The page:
13. A bomb was tossed through the window of a Mosque in Bloomington, MN. Minnesota’s governor declared the bombing “an act of terrorism.”
  14. Trump did not acknowledge the bombing. Tuesday, Gorka said the WH would “wait and see” in case the blast turned out to be a hoax. By week end, Trump still had no comment.
  15. On Wednesday, Trump tweeted out a Fox News story about a vehicle ramming into soldiers in France, which the news agency insinuated, without having evidence yet, was carried out by Islamic terrorists.
  16. The NAACP Legal Defense Fund will appeal a federal judge’s ruling allowing a white Alabama town to secede from a racially-mixed county school district and start its own system.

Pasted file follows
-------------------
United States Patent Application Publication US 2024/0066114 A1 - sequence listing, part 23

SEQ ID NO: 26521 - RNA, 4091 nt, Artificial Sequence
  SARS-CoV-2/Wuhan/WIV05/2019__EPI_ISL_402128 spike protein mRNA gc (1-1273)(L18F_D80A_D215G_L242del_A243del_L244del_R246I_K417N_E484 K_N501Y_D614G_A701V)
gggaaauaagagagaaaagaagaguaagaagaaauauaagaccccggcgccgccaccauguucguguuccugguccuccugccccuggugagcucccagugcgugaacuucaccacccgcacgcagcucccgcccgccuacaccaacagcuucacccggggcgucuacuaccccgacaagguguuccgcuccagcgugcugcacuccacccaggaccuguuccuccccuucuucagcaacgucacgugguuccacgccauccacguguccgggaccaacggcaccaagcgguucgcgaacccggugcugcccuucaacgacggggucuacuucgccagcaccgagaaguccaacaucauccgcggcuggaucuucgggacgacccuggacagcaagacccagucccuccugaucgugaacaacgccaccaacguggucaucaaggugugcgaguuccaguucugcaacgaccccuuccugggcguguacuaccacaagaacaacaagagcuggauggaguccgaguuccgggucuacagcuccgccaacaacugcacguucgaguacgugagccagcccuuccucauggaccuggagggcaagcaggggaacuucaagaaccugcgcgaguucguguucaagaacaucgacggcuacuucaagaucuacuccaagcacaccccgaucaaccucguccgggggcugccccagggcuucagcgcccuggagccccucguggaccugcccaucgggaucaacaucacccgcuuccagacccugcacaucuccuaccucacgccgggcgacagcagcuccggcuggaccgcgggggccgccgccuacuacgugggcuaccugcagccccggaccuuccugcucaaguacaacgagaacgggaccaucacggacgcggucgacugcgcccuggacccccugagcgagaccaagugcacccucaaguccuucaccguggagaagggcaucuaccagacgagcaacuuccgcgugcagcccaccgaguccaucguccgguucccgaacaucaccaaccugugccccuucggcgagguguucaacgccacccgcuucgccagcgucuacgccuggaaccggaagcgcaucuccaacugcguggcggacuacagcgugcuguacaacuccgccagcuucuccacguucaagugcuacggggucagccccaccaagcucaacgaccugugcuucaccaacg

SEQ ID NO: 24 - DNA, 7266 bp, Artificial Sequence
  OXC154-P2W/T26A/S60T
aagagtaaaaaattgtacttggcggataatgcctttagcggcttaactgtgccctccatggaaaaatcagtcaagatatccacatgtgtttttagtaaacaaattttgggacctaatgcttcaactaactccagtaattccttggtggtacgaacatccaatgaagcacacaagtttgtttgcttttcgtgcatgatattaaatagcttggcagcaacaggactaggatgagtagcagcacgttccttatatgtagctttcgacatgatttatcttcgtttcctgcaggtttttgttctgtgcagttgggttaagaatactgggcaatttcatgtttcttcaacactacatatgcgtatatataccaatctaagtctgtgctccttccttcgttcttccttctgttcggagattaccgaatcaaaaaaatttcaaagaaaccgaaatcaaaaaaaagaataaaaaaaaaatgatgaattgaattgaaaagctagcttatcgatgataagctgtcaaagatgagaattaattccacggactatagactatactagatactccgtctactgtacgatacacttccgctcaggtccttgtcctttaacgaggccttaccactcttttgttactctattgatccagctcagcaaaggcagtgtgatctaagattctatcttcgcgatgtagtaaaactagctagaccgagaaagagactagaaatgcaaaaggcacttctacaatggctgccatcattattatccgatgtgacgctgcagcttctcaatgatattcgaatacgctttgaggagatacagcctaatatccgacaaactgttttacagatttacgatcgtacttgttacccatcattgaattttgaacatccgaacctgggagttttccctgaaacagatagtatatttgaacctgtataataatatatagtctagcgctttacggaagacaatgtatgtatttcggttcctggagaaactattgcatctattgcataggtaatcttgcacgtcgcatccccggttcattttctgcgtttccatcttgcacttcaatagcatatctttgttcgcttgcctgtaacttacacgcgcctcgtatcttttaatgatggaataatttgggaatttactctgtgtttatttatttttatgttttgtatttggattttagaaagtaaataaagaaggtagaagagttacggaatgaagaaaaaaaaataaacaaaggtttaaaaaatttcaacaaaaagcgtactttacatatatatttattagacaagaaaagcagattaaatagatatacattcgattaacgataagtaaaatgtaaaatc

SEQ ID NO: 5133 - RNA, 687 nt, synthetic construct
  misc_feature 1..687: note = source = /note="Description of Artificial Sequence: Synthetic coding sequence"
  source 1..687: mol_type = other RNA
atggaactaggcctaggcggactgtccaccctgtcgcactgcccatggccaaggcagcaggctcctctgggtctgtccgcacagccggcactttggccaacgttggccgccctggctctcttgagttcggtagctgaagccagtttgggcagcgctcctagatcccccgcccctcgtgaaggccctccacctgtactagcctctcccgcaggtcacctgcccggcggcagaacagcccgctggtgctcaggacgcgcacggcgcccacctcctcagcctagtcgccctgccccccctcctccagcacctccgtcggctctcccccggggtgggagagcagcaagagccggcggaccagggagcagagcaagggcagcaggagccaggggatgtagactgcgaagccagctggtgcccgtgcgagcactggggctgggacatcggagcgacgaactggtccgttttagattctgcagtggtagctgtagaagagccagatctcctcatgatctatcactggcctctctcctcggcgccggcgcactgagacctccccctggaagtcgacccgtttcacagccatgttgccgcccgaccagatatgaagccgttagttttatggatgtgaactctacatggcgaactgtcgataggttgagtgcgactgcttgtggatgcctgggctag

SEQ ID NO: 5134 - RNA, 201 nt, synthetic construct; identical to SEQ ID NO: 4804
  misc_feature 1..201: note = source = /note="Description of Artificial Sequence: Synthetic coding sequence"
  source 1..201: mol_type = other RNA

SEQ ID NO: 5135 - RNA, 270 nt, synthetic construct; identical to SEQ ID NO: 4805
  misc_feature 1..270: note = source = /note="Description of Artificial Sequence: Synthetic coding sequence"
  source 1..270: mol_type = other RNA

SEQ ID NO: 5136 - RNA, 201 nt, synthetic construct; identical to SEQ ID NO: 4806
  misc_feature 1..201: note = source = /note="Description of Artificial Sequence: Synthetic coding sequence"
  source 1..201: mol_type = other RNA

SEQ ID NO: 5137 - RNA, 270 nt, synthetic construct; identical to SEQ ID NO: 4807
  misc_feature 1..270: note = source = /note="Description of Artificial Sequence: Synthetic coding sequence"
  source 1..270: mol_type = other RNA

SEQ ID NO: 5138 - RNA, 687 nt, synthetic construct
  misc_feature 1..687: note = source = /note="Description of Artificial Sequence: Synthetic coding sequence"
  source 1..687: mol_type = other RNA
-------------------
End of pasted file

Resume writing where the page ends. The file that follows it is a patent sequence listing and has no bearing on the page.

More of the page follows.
17. CNN fired conservative pundit Jeffrey Lord after he tweeted the Nazi salute, “Sieg Heil!” at a prominent liberal activist.
  18. A study by the Kaiser Family Foundation found Trump’s moves to undermine Obamacare have already triggered double-digit premium increases on individual health insurance policies in many states.
  19. NYT reported government scientists are concerned that a report by scientists in 13 federal agencies, which finds a drastic impact of climate change in the US, will be suppressed by Trump.
  20. In a series of emails obtained by The Guardian, the Trump regime advised staff at the USDA not to use certain terms like “climate change”and “climate change adaption.”
  21. Karina Brown, an Asian American woman who attended a Bon Jovi concert in Columbus, OH was told by a fellow concert-goer, “You don’t belong in this country.
  22. Five transgender troops sued Trump over his tweet to instate a transgender military ban.
  23. The Canadian military is building a refugee camp in Saint-Bernard-de-Lacolle near Plattsburgh, NY to house up to 500 US asylum seekers. This is in addition to a shelter at Montreal Olympic Stadium in Week 38.